So my advice is stop worrying about keyword density and focus on writing great content instead. Include your main keyword at the beginning of your article and at the end. That’s really all the density you need.

4. Meta keywords & meta description

The next common SEO myth is meta keywords and meta description are still a ranking factor. Unfortunately, these tags were also abused by SEOs and spammers. So in 2009 Google officially announced that they no longer use both of these to rank pages.

However, writing a good meta description tag is valuable as it may be used by search engines as a text snippet. A good meta description has the potential to increase your page’s CTR (click-through rate) in the search results.

Hence, more traffic.

5. Exact match domain is better

If you want to rank #1 for a particular keyword then you should register an exact match domain name as Google gives priority to them.

Exact match domain simply means you register a domain name exactly with the keyword you’re targeting. So if you want to rank for “blue pillows” you would register something like, or any other available TLD.

While, this tactic may still be beneficial for a really niche website for the sole purpose of placing contextual ads to generate revenue. This no longer works in niches with decent competition.

In fact, there’s almost no reason to register an exact match domain after the EMD update. As going for something brandable is much more viable long term.

How many websites with exact match domains you know today that are popular? Probably one – if you’re running it. Every other popular website is a brand.

So become a brand.

6. PPC can help your SEO

For some this myth may seem a little over the top. But there are people who believe that corporations which spend millions of dollars on Google Ads get better rankings in organic search.

That’s why Amazon, Walmart and Apple always dominate organic results. They simply buy their way to the top.

While this myth is a good excuse to not do any SEO on your website there’s absolutely no evidence behind it.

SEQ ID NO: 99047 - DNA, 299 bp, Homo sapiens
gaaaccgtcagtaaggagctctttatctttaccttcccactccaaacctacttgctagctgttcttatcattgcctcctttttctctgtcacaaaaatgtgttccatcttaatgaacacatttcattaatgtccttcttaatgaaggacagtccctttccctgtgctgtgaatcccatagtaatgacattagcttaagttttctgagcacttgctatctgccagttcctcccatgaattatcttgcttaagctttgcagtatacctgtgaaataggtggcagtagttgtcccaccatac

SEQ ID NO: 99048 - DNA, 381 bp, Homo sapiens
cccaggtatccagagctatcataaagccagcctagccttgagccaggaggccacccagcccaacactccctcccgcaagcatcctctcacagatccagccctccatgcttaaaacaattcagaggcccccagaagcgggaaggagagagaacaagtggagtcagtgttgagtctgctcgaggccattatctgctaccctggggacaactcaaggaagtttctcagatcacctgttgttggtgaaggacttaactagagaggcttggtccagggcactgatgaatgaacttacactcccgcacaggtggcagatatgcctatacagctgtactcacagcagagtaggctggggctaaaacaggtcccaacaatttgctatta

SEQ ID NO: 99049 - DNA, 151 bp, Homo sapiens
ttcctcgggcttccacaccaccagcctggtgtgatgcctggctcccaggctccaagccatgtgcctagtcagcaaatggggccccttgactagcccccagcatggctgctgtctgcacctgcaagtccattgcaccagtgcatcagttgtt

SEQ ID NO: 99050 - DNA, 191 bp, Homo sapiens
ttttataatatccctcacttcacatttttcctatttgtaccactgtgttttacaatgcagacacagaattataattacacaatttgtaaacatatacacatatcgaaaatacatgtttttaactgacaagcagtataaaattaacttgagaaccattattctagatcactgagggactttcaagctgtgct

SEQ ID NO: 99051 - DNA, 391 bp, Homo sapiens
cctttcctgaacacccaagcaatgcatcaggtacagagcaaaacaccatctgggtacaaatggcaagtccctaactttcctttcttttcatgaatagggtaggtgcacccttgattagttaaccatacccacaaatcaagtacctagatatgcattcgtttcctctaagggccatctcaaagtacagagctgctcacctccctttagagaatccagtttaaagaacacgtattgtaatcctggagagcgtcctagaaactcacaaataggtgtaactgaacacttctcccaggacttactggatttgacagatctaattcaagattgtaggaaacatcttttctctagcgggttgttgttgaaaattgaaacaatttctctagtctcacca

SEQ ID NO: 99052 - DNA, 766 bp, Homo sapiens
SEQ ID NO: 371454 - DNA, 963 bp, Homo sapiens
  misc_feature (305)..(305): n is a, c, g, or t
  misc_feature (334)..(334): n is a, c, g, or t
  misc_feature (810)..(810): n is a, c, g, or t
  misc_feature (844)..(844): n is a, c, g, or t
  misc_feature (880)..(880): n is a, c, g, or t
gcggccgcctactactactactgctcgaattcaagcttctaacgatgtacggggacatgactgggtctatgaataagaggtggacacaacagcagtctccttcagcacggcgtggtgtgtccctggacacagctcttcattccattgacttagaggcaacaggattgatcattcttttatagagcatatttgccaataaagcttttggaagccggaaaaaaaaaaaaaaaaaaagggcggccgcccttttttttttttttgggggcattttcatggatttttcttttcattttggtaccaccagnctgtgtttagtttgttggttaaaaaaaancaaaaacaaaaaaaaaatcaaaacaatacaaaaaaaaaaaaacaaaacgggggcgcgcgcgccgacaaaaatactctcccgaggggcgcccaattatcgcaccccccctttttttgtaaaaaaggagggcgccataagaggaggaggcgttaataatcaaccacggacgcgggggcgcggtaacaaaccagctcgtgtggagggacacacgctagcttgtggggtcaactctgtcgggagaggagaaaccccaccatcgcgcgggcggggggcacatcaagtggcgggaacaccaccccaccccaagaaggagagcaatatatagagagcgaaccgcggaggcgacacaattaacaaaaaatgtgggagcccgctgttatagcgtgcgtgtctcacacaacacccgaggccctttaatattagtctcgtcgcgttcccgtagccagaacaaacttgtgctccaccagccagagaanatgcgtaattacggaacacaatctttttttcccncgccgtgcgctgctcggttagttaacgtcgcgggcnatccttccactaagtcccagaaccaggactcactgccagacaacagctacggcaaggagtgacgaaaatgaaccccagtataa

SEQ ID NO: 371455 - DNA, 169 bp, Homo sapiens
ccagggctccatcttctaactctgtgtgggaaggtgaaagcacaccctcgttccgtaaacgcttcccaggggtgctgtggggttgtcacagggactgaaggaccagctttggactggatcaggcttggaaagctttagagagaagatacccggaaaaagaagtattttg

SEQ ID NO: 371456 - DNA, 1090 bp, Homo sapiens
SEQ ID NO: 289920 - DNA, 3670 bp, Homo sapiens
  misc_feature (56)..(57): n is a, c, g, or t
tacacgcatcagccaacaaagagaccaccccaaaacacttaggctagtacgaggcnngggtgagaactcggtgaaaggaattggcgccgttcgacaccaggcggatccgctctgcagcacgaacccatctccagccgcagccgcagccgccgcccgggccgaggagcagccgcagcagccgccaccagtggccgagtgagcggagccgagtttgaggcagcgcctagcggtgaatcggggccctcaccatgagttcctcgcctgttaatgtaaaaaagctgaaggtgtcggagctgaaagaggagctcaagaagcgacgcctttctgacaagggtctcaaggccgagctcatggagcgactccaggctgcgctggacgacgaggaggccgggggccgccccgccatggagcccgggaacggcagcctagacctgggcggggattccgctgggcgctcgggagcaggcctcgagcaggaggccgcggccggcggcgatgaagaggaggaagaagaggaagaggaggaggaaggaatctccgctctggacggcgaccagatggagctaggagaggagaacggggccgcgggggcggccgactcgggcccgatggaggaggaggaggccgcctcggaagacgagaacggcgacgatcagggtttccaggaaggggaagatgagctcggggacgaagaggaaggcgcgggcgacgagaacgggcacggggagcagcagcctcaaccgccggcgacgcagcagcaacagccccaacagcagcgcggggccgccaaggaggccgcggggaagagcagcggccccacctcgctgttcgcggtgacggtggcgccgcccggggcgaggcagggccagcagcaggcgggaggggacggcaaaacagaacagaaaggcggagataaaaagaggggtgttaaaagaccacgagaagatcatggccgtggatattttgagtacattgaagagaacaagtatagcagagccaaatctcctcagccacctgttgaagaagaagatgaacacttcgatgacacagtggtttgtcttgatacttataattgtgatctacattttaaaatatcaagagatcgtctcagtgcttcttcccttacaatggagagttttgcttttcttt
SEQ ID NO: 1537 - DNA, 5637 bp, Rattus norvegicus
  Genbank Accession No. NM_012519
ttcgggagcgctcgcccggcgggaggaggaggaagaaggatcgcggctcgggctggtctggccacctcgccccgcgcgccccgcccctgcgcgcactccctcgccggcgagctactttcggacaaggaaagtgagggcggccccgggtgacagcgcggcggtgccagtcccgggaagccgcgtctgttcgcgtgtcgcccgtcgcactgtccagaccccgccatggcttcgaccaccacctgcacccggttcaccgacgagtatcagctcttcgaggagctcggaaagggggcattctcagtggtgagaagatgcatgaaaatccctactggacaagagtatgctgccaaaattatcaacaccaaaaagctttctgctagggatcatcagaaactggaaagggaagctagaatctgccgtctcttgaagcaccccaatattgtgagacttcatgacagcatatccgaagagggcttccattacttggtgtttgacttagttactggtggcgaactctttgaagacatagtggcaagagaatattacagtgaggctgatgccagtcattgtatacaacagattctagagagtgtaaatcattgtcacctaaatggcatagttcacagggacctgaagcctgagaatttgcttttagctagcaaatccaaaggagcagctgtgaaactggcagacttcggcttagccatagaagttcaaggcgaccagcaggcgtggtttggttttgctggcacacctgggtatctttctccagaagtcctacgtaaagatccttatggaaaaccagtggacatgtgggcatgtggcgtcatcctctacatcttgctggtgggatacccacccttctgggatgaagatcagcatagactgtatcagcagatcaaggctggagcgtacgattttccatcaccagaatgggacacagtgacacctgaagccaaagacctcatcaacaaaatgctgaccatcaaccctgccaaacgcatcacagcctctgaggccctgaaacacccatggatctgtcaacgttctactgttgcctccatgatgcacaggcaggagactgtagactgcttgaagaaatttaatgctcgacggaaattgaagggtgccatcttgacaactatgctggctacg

7. Guest blogging is no longer viable

Back in 2014 Matt Cutts published a post about the death of guest blogging which shocked every SEO out there. This resulted in thousands of articles proclaiming the “death” of guest blogging which continues to this day.

In my opinion, people simply misinterpreted what Matt said and started producing 9,937,836 clickbait articles on the death of guest blogging.

But if you don’t feel like reading that article here’s the short version.

If you’re outsourcing low quality articles and publishing them on low quality websites where anything goes then you’re definitely going to be penalized.

However, if you’re a real expert who provides value to a similar blog in your niche with high content standards then you have nothing to worry about.

Guest blogging is still alive and well. It’s just it’s no longer something you can easily abuse.

In addition, if you’re writing a sponsored post and link to the sponsor then you must use the nofollow attribute on that link. Otherwise, you may end up receiving a penalty.

8. Linking out is bad for your site

I used to believe that I shouldn’t link to other websites because it would hurt mine. My argument behind that was I don’t want pass any of my precious link juice. So to avoid that I would only link to pages within my own website.

It was my biggest mistake. Linking to other websites is mandatory as it’s one of many ranking factors of on-page SEO. If you’re really curious I suggest you read Reboot’s study on external links.

So my advice is don’t be afraid of linking to others. Sharing is caring after all.

In conclusion

There you have it – the 8 most common SEO myths that lurk around the darkest corners of the internet.

I know there are a lot more myths, misconceptions and misinterpretations on the topic of search engine optimization. But I found these ones to be the most predominant over the years I spent fiddling with SEO.

Have you been a victim of these myths? Do you know any other myths that absolutely annoy you? Share them below!